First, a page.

Eudora coach Gregg Webb gathered his squad Monday after practice and let them know three players — seniors Gabe Cleveland and Nick Becker along with junior Andrew Ballock — had been selected for inclusion on a soon-to-be-announced all-area team.
Cleveland, a linebacker who has played with a torn ACL since Sept. 14, had a problem with that. He thought fellow linebacker Markis Hill, also a senior, was more deserving.
So Cleveland tracked down Webb after practice.
“You need to tell them to put Markis on the team instead of me,” Cleveland said.
Statistically, it’s close to a wash.
Hill has 100 tackles; Cleveland has 93. Both players have an interception, but Hill has one more sack, caused one more fumble and leads Eudora with three fumble recoveries.
“He’s had a great year, and he’s been one of my best friends for a long time, but I really felt like he deserved it,” Cleveland said. “I just wouldn’t feel very good taking something I felt like somebody else deserved.”
That Cleveland would sacrifice for a Cardinals teammate or the team itself didn’t come as a shock to Webb, who has guided Eudora back to the Kansas 4A state championship for a second straight time.
He’s an inspiration with his wrecking-ball style and gives as much as he can every practice and every game.
“The younger kids absolutely … see how hard he plays and think, ‘Holy smoke, so that’s what it takes,’ ” Webb said.
Cleveland dinged his shoulder as a freshman but played through the pain.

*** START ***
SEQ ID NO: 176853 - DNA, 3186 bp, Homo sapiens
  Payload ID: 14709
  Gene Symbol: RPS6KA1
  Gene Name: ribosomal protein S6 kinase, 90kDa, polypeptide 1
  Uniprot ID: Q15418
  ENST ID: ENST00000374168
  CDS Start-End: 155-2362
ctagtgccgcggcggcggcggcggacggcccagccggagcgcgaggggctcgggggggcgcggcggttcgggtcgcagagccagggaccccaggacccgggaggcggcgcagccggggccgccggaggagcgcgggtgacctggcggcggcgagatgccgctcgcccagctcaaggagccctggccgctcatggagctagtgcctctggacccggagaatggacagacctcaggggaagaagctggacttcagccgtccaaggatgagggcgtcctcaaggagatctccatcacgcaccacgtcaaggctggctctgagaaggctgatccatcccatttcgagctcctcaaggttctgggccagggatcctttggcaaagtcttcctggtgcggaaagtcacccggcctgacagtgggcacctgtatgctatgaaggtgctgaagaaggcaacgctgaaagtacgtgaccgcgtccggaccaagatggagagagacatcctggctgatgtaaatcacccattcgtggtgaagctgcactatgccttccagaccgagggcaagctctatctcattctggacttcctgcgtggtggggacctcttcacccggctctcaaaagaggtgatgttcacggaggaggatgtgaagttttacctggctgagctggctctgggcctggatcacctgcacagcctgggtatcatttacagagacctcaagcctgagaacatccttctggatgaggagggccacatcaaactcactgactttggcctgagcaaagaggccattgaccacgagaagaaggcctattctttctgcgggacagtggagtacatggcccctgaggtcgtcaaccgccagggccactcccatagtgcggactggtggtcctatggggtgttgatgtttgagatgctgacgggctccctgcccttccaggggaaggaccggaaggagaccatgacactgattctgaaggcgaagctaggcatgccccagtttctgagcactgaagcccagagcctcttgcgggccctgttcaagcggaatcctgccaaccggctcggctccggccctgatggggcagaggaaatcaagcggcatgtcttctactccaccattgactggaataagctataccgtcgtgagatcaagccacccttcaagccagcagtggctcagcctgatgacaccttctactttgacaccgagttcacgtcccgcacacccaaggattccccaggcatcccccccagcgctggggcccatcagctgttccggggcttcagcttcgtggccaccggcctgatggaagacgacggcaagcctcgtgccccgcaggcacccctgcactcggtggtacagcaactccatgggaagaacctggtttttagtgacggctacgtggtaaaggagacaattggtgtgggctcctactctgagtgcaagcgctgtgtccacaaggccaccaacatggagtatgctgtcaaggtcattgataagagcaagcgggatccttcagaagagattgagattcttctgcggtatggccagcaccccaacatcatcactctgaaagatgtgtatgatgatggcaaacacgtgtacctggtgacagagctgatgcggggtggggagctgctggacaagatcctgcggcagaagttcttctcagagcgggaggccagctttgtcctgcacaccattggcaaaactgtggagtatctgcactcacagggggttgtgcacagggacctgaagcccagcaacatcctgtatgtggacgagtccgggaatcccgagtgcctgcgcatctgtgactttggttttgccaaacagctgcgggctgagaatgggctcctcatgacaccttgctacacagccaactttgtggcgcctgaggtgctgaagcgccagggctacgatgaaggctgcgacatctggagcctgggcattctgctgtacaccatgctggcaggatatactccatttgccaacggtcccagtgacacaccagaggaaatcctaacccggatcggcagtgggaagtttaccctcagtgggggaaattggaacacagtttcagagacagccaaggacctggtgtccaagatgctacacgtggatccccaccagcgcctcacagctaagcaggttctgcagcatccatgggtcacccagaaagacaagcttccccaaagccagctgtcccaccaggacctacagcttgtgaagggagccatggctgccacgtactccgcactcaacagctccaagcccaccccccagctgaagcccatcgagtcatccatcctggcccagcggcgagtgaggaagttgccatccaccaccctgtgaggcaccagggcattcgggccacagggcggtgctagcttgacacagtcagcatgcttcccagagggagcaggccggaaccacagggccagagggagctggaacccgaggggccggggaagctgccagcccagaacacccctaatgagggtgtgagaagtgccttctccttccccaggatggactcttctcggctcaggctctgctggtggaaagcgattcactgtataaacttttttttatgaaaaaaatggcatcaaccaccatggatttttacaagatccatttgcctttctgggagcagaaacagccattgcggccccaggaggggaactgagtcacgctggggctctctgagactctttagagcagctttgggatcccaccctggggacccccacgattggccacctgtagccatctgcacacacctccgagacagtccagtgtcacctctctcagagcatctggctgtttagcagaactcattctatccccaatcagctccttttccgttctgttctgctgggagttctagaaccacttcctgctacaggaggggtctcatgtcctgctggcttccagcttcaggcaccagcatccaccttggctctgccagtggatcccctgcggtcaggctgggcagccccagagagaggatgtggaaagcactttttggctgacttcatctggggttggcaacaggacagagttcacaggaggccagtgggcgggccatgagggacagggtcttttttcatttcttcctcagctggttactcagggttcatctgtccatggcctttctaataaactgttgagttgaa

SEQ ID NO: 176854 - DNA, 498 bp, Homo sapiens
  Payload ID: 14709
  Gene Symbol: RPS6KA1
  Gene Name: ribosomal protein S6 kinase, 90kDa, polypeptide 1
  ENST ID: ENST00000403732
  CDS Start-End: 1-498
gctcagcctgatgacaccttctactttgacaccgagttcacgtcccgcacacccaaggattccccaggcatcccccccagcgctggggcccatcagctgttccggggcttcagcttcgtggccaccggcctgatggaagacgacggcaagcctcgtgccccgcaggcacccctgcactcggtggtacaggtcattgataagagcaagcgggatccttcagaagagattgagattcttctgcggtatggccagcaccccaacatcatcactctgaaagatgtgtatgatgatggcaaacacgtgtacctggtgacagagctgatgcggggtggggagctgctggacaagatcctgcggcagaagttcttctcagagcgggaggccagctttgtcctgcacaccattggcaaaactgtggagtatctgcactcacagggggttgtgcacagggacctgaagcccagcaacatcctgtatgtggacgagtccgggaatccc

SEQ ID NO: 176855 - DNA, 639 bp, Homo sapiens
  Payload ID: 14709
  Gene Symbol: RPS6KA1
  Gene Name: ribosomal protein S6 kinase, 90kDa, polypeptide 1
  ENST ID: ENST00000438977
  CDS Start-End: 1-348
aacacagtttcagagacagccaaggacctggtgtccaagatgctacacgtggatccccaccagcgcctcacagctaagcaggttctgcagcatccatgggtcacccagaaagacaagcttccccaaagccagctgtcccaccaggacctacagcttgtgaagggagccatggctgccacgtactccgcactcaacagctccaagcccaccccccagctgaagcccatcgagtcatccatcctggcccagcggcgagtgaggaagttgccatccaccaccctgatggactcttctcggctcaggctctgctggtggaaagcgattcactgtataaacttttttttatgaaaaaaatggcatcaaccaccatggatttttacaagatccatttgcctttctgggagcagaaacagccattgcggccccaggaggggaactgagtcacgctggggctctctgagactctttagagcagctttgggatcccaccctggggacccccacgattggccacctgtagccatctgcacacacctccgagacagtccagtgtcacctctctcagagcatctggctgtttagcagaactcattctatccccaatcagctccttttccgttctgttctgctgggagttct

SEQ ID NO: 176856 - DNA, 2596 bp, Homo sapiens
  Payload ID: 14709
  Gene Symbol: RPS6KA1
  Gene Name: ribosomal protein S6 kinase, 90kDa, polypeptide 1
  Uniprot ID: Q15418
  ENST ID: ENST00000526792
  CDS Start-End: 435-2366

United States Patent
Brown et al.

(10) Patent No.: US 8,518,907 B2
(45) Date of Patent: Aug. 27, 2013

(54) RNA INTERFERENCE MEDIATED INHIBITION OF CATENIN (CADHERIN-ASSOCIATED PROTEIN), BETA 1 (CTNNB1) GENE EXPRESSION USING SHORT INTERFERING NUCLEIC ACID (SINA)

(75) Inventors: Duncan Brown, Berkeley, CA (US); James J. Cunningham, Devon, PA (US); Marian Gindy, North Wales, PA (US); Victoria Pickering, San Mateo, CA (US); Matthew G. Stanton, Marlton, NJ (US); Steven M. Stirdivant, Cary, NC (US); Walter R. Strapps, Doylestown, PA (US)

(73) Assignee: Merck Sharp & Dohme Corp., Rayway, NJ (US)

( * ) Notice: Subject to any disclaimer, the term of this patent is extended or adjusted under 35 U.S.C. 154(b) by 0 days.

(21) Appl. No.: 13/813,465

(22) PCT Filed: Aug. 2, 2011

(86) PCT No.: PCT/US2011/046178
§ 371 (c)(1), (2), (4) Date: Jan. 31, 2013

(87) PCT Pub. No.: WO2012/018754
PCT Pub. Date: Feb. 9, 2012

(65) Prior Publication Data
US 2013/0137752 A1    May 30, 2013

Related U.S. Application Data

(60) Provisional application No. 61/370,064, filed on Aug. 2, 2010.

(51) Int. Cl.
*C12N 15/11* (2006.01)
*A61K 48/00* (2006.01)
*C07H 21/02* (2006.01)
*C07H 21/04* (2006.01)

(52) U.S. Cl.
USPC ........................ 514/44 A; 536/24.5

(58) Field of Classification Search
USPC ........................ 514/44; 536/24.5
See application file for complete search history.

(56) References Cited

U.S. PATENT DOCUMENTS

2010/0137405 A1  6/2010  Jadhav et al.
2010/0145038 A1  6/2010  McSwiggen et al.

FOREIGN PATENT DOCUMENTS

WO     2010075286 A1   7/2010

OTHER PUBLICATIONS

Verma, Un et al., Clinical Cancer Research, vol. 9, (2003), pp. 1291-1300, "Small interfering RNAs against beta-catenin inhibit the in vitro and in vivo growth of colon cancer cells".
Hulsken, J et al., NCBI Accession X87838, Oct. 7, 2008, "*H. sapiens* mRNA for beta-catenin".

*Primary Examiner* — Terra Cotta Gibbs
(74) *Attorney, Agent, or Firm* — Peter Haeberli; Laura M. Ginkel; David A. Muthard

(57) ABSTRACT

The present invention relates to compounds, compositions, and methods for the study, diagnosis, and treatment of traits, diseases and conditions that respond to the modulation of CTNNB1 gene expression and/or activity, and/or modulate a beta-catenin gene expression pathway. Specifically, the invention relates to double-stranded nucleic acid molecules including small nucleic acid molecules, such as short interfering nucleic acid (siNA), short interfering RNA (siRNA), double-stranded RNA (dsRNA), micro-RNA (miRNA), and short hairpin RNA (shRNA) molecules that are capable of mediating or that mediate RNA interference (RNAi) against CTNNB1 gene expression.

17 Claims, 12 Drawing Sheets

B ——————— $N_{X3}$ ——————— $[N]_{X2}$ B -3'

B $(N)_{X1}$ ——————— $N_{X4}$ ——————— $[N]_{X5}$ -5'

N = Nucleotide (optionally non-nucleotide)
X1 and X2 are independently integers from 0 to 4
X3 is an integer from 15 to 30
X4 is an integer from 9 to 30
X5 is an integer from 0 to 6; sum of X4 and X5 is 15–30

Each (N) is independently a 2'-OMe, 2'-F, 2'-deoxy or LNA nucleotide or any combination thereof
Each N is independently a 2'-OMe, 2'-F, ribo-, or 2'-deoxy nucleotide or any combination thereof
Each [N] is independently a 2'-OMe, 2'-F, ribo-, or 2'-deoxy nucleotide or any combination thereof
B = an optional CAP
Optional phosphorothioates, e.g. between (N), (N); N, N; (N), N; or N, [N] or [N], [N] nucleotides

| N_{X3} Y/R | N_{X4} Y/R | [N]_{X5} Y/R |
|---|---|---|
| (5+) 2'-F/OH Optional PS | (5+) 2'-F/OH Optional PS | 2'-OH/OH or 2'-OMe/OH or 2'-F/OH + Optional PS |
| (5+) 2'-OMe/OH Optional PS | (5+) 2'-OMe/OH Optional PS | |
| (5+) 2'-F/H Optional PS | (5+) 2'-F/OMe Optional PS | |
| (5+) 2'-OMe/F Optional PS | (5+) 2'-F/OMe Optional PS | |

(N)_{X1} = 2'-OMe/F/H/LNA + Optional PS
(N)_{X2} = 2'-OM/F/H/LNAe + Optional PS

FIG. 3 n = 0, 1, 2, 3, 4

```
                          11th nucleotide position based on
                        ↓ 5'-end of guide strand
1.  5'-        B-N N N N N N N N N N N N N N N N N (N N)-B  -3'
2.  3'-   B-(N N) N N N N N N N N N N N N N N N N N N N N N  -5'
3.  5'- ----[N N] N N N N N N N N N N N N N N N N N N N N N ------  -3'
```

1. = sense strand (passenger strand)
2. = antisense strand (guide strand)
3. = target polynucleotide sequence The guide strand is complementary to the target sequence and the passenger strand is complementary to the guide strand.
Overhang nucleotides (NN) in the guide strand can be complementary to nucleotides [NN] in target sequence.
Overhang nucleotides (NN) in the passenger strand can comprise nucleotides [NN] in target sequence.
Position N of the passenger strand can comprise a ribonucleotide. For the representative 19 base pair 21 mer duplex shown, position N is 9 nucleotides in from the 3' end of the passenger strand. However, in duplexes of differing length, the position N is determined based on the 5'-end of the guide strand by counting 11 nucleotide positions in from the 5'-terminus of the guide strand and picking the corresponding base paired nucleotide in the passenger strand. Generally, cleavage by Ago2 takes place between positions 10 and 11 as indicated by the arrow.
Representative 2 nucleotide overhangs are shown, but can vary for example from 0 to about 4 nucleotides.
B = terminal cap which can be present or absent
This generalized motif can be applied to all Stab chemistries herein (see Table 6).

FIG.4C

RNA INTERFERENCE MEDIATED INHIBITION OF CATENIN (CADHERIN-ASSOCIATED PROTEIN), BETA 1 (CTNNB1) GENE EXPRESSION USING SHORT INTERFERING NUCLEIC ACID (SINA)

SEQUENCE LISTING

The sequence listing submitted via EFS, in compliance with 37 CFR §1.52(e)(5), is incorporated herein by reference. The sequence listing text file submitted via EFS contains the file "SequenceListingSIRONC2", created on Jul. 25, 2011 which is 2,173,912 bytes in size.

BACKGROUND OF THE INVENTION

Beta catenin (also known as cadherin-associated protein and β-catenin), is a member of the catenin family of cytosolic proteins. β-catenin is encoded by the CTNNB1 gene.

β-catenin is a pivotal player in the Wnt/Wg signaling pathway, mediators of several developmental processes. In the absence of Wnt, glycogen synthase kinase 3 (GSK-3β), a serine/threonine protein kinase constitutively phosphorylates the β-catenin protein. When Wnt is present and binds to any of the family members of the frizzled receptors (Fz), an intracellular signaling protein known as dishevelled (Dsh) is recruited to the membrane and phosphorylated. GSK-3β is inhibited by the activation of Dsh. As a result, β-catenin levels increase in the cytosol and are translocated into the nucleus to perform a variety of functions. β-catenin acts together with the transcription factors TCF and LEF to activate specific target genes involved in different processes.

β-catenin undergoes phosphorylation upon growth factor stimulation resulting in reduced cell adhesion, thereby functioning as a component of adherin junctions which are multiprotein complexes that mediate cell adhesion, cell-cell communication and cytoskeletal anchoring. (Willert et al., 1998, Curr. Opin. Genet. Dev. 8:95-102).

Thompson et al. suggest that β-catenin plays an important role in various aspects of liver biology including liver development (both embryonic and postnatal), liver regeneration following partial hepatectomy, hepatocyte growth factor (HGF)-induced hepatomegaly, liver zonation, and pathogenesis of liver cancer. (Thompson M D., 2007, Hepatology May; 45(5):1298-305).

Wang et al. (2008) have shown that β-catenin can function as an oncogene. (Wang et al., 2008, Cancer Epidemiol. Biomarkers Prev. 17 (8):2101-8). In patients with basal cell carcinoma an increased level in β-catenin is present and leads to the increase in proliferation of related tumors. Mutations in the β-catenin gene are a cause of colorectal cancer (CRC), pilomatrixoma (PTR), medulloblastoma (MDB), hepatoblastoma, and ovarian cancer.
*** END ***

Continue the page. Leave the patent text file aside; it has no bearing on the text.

He shrugged off a high ankle sprain as a sophomore and battled through a high ankle sprain on the opposite leg as a junior.
Still, not even a ripped knee ligament, which he suffered in a win against De Soto during the season’s third game, kept him from playing football for the Cardinals.
“I just love it and, especially my senior year, I know I won’t have many more opportunities,” Cleveland said. “Being a Eudora Cardinal is the greatest thing ever, and I’m extremely proud to be playing on this team. I grew up watching them and this is something I always wanted to do.”
After the most recent knee injury, Cleveland asked his doctor if he could still play.
“I didn’t want to miss my senior year, and my doctor said it was already torn and I couldn’t tear it anymore,” Cleveland said. “It can be painful sometimes, but for the most part it doesn’t hurt that much. Every once in a while, though, I’ll tweak it during a game or something and it will start hurting pretty bad.”
Now, Cleveland and his fellow Cardinals face the toughest on-field challenge they’ve encountered — a 12-0 Holton team with a well-deserved reputation as big, physical brutes.
“This will be a test like we haven’t seen,” Webb said. “The Louisburgs and Paolas of the world know how to run the football. We see that style in (the Frontier League), but it’s still la little bit different because Holton is bigger and they are so comfortable with what they do and do it better than anyone I’ve seen.”